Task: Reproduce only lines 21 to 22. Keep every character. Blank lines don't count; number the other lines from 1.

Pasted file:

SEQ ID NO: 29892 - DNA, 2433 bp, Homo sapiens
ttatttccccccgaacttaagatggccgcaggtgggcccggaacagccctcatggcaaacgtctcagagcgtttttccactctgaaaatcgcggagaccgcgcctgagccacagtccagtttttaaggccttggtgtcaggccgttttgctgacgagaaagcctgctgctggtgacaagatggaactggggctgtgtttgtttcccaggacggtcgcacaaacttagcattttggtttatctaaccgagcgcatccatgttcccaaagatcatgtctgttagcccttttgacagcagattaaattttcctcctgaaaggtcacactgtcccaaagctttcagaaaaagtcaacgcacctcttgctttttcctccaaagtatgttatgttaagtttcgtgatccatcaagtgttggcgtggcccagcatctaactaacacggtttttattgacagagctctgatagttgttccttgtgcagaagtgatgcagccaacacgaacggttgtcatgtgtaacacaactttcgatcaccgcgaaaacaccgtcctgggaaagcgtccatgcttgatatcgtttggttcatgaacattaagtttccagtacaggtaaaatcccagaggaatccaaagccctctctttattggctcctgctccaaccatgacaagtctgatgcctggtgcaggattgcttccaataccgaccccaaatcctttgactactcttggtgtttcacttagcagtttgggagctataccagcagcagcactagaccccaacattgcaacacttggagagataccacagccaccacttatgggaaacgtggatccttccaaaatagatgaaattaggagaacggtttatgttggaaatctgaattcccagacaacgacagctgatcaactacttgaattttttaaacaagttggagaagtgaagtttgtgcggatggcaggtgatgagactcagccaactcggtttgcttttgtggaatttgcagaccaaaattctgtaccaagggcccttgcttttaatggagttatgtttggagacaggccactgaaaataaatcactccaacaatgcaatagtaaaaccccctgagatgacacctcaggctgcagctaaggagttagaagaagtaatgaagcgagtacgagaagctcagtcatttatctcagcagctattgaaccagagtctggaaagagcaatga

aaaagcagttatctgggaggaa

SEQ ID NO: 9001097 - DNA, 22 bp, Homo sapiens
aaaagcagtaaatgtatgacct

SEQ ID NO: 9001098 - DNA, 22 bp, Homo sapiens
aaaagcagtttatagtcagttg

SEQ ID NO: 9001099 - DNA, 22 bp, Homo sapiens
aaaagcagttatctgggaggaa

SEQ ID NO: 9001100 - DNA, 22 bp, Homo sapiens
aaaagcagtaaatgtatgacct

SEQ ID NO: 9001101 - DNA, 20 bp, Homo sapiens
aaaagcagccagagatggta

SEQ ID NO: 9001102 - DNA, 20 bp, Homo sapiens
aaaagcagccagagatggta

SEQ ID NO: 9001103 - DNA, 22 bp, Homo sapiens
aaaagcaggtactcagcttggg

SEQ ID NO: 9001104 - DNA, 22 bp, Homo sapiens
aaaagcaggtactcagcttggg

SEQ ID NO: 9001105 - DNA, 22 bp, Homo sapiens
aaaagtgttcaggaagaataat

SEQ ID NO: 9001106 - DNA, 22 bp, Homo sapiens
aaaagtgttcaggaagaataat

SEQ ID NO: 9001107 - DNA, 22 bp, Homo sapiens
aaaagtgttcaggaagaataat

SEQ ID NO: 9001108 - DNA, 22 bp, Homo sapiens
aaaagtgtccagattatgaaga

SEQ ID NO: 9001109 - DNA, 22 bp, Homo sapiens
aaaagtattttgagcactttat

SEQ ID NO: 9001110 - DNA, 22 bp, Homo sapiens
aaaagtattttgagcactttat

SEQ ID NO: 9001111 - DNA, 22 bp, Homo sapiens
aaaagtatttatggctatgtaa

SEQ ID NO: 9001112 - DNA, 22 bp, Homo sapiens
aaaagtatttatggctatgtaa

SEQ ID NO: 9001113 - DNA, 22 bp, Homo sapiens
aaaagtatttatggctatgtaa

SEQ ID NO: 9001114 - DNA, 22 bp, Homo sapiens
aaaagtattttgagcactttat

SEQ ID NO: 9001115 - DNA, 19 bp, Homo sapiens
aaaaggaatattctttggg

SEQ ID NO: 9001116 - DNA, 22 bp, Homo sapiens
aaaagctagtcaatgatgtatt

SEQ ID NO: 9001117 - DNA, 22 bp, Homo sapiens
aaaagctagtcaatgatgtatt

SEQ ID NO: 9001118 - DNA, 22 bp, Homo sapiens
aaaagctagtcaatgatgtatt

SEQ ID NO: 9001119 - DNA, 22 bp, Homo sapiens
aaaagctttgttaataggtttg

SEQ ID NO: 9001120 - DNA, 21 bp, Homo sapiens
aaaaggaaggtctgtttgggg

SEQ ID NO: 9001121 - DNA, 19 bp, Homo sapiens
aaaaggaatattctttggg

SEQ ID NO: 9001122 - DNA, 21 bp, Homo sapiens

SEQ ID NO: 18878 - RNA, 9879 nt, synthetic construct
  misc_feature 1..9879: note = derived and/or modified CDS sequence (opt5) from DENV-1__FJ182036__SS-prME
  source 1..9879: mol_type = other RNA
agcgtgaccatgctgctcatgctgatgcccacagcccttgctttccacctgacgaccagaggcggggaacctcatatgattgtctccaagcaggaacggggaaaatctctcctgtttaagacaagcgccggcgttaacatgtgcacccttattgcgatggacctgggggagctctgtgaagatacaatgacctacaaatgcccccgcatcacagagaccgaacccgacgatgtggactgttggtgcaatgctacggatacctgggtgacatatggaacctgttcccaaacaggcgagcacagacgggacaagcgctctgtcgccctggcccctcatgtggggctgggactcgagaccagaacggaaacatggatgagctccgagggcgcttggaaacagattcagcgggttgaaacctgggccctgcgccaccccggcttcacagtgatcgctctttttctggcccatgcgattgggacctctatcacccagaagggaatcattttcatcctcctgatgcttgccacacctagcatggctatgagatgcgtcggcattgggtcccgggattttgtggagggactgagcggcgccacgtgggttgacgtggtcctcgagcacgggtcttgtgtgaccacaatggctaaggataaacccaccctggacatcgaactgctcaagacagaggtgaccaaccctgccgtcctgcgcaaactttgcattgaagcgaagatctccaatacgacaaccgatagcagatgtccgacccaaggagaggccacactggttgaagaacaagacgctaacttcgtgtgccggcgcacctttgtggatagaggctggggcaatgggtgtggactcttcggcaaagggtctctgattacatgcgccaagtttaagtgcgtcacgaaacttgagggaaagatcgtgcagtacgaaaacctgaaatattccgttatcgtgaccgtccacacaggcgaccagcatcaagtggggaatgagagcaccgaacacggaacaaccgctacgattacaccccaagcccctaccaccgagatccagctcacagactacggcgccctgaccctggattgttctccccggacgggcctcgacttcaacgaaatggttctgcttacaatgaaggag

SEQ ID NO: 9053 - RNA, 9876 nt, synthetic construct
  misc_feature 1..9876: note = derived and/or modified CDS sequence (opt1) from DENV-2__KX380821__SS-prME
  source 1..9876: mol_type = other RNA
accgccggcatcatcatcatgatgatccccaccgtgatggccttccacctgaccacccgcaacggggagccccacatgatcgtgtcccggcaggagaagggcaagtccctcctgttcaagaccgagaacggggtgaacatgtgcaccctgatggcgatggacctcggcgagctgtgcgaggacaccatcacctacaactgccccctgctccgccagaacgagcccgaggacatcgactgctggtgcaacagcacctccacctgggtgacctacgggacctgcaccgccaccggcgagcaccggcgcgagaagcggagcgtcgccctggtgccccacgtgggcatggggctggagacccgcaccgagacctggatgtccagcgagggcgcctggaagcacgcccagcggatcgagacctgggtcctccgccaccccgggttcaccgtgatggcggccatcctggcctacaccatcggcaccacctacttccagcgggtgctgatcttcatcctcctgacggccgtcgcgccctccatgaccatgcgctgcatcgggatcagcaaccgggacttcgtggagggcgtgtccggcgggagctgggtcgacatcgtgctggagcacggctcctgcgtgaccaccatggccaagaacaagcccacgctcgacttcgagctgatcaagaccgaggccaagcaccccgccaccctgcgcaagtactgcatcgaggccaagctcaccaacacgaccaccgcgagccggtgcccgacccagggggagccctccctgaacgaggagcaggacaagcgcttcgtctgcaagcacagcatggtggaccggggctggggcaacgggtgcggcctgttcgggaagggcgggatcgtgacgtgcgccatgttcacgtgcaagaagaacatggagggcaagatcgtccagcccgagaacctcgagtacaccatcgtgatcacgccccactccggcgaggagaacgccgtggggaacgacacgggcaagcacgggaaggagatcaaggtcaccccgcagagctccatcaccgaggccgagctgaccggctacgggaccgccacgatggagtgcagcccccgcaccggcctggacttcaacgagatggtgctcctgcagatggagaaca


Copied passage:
aaaagtgttcaggaagaataat

SEQ ID NO: 9001106 - DNA, 22 bp, Homo sapiens